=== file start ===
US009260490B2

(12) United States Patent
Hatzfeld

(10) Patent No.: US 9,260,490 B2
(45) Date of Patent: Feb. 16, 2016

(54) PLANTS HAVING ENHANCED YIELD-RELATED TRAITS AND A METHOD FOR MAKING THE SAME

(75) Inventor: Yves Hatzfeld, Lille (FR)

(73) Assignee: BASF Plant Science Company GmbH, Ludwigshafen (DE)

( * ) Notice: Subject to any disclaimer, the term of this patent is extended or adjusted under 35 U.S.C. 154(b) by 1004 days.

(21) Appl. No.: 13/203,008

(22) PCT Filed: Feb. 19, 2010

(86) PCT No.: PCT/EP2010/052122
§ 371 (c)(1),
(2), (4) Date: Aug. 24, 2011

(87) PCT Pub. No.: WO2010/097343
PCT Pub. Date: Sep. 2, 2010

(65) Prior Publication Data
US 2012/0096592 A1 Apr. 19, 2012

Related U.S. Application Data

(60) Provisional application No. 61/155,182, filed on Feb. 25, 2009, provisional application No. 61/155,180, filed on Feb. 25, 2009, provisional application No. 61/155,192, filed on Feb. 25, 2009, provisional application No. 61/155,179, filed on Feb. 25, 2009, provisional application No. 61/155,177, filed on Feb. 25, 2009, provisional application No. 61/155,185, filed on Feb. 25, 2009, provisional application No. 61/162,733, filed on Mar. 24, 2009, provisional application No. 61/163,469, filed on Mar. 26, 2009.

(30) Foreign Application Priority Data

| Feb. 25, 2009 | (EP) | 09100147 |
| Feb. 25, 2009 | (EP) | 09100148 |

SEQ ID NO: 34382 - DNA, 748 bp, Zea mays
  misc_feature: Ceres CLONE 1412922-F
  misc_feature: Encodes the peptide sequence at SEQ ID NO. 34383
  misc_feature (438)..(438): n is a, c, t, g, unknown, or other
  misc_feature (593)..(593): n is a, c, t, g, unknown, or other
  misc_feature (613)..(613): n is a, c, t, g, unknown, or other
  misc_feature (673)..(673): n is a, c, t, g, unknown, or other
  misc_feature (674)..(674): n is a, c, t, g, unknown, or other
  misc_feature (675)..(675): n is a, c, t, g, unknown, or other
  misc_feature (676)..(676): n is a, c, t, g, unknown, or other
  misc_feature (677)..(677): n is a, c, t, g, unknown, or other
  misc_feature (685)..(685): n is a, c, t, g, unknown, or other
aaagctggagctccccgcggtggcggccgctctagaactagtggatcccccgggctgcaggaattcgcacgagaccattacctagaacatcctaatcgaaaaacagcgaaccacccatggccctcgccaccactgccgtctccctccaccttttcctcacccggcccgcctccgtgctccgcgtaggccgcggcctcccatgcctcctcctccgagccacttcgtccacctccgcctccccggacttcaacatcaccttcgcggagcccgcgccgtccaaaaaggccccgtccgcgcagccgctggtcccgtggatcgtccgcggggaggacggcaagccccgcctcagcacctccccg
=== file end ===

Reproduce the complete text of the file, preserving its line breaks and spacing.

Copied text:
US009260490B2

(12) United States Patent
Hatzfeld

(10) Patent No.: US 9,260,490 B2
(45) Date of Patent: Feb. 16, 2016

(54) PLANTS HAVING ENHANCED YIELD-RELATED TRAITS AND A METHOD FOR MAKING THE SAME

(75) Inventor: Yves Hatzfeld, Lille (FR)

(73) Assignee: BASF Plant Science Company GmbH, Ludwigshafen (DE)

( * ) Notice: Subject to any disclaimer, the term of this patent is extended or adjusted under 35 U.S.C. 154(b) by 1004 days.

(21) Appl. No.: 13/203,008

(22) PCT Filed: Feb. 19, 2010

(86) PCT No.: PCT/EP2010/052122
§ 371 (c)(1),
(2), (4) Date: Aug. 24, 2011

(87) PCT Pub. No.: WO2010/097343
PCT Pub. Date: Sep. 2, 2010

(65) Prior Publication Data
US 2012/0096592 A1 Apr. 19, 2012

Related U.S. Application Data

(60) Provisional application No. 61/155,182, filed on Feb. 25, 2009, provisional application No. 61/155,180, filed on Feb. 25, 2009, provisional application No. 61/155,192, filed on Feb. 25, 2009, provisional application No. 61/155,179, filed on Feb. 25, 2009, provisional application No. 61/155,177, filed on Feb. 25, 2009, provisional application No. 61/155,185, filed on Feb. 25, 2009, provisional application No. 61/162,733, filed on Mar. 24, 2009, provisional application No. 61/163,469, filed on Mar. 26, 2009.

(30) Foreign Application Priority Data

| Feb. 25, 2009 | (EP) | 09100147 |
| Feb. 25, 2009 | (EP) | 09100148 |

SEQ ID NO: 34382 - DNA, 748 bp, Zea mays
  misc_feature: Ceres CLONE 1412922-F
  misc_feature: Encodes the peptide sequence at SEQ ID NO. 34383
  misc_feature (438)..(438): n is a, c, t, g, unknown, or other
  misc_feature (593)..(593): n is a, c, t, g, unknown, or other
  misc_feature (613)..(613): n is a, c, t, g, unknown, or other
  misc_feature (673)..(673): n is a, c, t, g, unknown, or other
  misc_feature (674)..(674): n is a, c, t, g, unknown, or other
  misc_feature (675)..(675): n is a, c, t, g, unknown, or other
  misc_feature (676)..(676): n is a, c, t, g, unknown, or other
  misc_feature (677)..(677): n is a, c, t, g, unknown, or other
  misc_feature (685)..(685): n is a, c, t, g, unknown, or other
aaagctggagctccccgcggtggcggccgctctagaactagtggatcccccgggctgcaggaattcgcacgagaccattacctagaacatcctaatcgaaaaacagcgaaccacccatggccctcgccaccactgccgtctccctccaccttttcctcacccggcccgcctccgtgctccgcgtaggccgcggcctcccatgcctcctcctccgagccacttcgtccacctccgcctccccggacttcaacatcaccttcgcggagcccgcgccgtccaaaaaggccccgtccgcgcagccgctggtcccgtggatcgtccgcggggaggacggcaagccccgcctcagcacctccccg